The information about the foil integrity together with the location of suitable targets within the grid square visualized by fluorescence allows the selection of suitable sites for FIB milling (Figure 6).
After selection of the relevant positions for FIB milling, a series of fluorescence images along the optical axis is created at these positions to obtain the 3D information. To improve the resolution in the z direction in comparison to standard widefield systems, confocal microscopy is the method of choice. By means of a laser, the sample is scanned point by point, while only the in-focus information of the fluorescence emission is recorded. The 2D images recorded at different z positions are then assembled into a 3D stack (Figure 7).
The axial resolution of microscope systems is mainly dependent on the opening angle of the objective used (the so-called numerical aperture). As commercially available cryo microscopes use air objectives for the convenience of the user (no immersion needed that may compromise maintaining the vitrified state of the samples), the actual resolution is limited. Typical resolutions of 200 nm in xy and about 800 nm in z can be achieved.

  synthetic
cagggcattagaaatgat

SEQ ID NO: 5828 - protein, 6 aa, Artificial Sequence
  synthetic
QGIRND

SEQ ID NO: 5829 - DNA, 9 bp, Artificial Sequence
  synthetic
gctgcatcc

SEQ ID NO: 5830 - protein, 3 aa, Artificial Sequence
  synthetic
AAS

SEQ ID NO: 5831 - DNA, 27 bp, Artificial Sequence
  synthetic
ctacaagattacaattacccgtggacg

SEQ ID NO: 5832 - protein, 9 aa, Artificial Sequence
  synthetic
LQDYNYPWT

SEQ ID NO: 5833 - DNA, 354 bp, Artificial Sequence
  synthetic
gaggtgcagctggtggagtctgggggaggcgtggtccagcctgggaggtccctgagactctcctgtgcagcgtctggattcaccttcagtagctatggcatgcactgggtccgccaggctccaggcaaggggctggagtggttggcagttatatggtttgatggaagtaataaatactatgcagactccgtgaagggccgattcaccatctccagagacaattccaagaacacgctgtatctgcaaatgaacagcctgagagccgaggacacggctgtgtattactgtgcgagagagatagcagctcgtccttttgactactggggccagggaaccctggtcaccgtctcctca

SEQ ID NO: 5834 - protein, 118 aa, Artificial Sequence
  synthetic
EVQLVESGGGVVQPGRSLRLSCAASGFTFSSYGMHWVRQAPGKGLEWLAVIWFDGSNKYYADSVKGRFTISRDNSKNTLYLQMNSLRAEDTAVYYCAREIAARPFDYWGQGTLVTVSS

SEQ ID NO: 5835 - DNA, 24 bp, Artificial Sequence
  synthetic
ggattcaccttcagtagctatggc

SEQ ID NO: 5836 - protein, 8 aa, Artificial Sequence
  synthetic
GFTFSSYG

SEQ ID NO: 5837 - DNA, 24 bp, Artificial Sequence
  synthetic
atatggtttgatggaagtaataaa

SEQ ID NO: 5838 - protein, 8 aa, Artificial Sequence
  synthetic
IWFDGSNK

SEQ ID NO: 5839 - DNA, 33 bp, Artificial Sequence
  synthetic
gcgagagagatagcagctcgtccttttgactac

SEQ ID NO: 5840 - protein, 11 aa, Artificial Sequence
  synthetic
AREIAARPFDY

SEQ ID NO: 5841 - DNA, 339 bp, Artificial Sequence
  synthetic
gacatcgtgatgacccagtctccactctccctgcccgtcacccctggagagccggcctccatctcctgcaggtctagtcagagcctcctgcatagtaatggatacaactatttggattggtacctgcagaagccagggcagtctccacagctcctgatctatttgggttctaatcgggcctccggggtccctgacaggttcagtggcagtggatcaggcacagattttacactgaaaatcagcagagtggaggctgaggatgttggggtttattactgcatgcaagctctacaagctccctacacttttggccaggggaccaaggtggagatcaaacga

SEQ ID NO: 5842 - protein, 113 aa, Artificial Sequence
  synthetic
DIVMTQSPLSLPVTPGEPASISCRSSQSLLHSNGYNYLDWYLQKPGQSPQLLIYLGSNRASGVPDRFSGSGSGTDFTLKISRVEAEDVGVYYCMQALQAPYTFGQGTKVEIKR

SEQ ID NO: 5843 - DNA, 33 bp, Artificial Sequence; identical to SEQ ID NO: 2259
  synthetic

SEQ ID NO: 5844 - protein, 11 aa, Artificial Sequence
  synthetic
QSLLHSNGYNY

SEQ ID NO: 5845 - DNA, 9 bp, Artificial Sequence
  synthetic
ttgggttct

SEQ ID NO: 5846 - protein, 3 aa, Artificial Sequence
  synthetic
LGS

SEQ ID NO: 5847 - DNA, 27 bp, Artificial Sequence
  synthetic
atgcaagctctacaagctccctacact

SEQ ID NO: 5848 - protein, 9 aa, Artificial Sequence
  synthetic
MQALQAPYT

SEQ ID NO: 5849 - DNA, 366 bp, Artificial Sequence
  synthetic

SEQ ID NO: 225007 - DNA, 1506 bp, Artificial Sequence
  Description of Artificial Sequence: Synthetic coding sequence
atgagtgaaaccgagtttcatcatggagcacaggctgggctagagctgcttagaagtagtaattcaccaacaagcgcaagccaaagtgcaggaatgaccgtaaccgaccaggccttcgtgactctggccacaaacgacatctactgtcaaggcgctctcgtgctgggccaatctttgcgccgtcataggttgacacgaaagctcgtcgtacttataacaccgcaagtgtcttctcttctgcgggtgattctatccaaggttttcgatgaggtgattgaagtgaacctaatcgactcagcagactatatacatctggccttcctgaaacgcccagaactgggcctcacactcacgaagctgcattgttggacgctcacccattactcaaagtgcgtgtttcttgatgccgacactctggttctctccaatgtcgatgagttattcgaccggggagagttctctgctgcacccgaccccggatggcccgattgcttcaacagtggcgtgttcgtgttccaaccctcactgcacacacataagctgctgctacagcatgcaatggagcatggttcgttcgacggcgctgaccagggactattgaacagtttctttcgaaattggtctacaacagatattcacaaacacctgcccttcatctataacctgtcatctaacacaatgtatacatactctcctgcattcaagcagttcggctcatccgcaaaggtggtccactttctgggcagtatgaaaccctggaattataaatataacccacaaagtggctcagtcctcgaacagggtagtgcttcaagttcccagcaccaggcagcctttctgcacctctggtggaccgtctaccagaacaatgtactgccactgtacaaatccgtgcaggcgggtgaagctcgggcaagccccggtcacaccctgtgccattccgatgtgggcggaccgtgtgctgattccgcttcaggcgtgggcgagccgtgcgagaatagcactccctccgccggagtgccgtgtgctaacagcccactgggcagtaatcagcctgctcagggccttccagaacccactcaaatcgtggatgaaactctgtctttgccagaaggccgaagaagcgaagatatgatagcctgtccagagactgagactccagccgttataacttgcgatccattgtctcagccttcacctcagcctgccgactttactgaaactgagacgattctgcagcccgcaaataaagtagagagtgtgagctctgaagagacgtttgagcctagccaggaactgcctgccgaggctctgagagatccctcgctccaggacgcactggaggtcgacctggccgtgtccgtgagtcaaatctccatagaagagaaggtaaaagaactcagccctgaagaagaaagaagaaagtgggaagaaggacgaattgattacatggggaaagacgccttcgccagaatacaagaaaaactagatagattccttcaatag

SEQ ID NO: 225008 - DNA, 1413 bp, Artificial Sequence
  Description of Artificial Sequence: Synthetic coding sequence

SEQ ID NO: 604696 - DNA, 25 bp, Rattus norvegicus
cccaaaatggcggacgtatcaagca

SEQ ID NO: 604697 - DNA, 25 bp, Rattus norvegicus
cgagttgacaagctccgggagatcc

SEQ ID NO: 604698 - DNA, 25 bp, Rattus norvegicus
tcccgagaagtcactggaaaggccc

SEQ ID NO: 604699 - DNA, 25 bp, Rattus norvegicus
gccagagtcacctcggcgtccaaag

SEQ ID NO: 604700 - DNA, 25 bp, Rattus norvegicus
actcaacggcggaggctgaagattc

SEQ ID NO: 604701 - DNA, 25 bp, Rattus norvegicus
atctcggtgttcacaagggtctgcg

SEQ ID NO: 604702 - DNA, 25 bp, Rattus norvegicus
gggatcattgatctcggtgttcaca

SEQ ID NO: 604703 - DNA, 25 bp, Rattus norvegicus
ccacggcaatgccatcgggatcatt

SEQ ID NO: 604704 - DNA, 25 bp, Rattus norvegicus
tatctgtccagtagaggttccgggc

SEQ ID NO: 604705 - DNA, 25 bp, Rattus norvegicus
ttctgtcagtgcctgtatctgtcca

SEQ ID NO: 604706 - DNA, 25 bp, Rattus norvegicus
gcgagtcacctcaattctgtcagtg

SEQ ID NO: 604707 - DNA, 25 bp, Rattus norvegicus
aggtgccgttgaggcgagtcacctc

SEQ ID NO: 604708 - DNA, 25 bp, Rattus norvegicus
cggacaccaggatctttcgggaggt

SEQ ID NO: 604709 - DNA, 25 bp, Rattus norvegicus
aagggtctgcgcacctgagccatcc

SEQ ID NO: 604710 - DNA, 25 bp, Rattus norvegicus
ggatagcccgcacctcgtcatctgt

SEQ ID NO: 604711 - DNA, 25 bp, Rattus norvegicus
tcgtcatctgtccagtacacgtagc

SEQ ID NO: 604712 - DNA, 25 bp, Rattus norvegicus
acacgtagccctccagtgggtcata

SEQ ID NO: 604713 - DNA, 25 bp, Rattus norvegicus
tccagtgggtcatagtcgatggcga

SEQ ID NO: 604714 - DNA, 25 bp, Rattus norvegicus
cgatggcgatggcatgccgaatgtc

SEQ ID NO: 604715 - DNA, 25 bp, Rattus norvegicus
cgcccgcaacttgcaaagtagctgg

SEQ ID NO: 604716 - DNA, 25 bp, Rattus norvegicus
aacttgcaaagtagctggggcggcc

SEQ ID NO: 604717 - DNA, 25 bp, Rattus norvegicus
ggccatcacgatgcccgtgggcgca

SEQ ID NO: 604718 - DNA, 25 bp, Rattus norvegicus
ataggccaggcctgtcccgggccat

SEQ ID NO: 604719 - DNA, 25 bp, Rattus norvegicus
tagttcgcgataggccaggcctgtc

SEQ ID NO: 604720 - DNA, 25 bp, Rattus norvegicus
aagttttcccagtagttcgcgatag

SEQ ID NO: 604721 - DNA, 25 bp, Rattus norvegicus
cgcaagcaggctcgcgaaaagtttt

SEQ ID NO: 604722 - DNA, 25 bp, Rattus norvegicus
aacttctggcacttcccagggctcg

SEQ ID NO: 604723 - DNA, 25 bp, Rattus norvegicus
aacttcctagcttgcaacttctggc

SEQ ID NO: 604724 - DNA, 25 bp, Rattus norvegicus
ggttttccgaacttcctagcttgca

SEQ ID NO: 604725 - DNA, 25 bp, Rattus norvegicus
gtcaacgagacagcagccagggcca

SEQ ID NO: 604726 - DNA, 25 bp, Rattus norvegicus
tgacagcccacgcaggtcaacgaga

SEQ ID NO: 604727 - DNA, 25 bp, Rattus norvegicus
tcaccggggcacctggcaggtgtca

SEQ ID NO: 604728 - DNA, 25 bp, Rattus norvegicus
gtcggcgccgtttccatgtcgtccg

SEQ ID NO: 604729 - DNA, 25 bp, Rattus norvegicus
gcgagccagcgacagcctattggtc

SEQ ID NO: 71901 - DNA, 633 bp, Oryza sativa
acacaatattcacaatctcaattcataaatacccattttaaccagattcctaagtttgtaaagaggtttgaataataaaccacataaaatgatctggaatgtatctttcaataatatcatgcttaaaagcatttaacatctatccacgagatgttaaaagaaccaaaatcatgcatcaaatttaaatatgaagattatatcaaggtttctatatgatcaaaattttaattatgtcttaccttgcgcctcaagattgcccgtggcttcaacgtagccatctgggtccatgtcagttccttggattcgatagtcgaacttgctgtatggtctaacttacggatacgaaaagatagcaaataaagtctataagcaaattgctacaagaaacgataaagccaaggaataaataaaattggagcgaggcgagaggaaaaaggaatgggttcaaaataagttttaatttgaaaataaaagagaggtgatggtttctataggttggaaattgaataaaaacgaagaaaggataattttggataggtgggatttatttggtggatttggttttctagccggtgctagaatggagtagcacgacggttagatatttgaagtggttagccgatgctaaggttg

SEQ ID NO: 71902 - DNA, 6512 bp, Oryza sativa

To enable proper targeting of a cellular site of interest, fiducial beads can be applied to the sample as reference structures for alignment and correlation between the fluorescence and EM images in 3D .
Typical beads are 1 µm in size and completely spherical which enables sub-diffraction fitting of their center coordinate. Microbeads that contain metals can be more clearly visualized via back-scattered electrons in the SEM, distinguishing them from similar size ice crystals. Beads are preferentially chosen, such that their fluorescence emission is different from that of the actual target, to enable better discrimination (Figure 8).
As the fiducials are visible in both the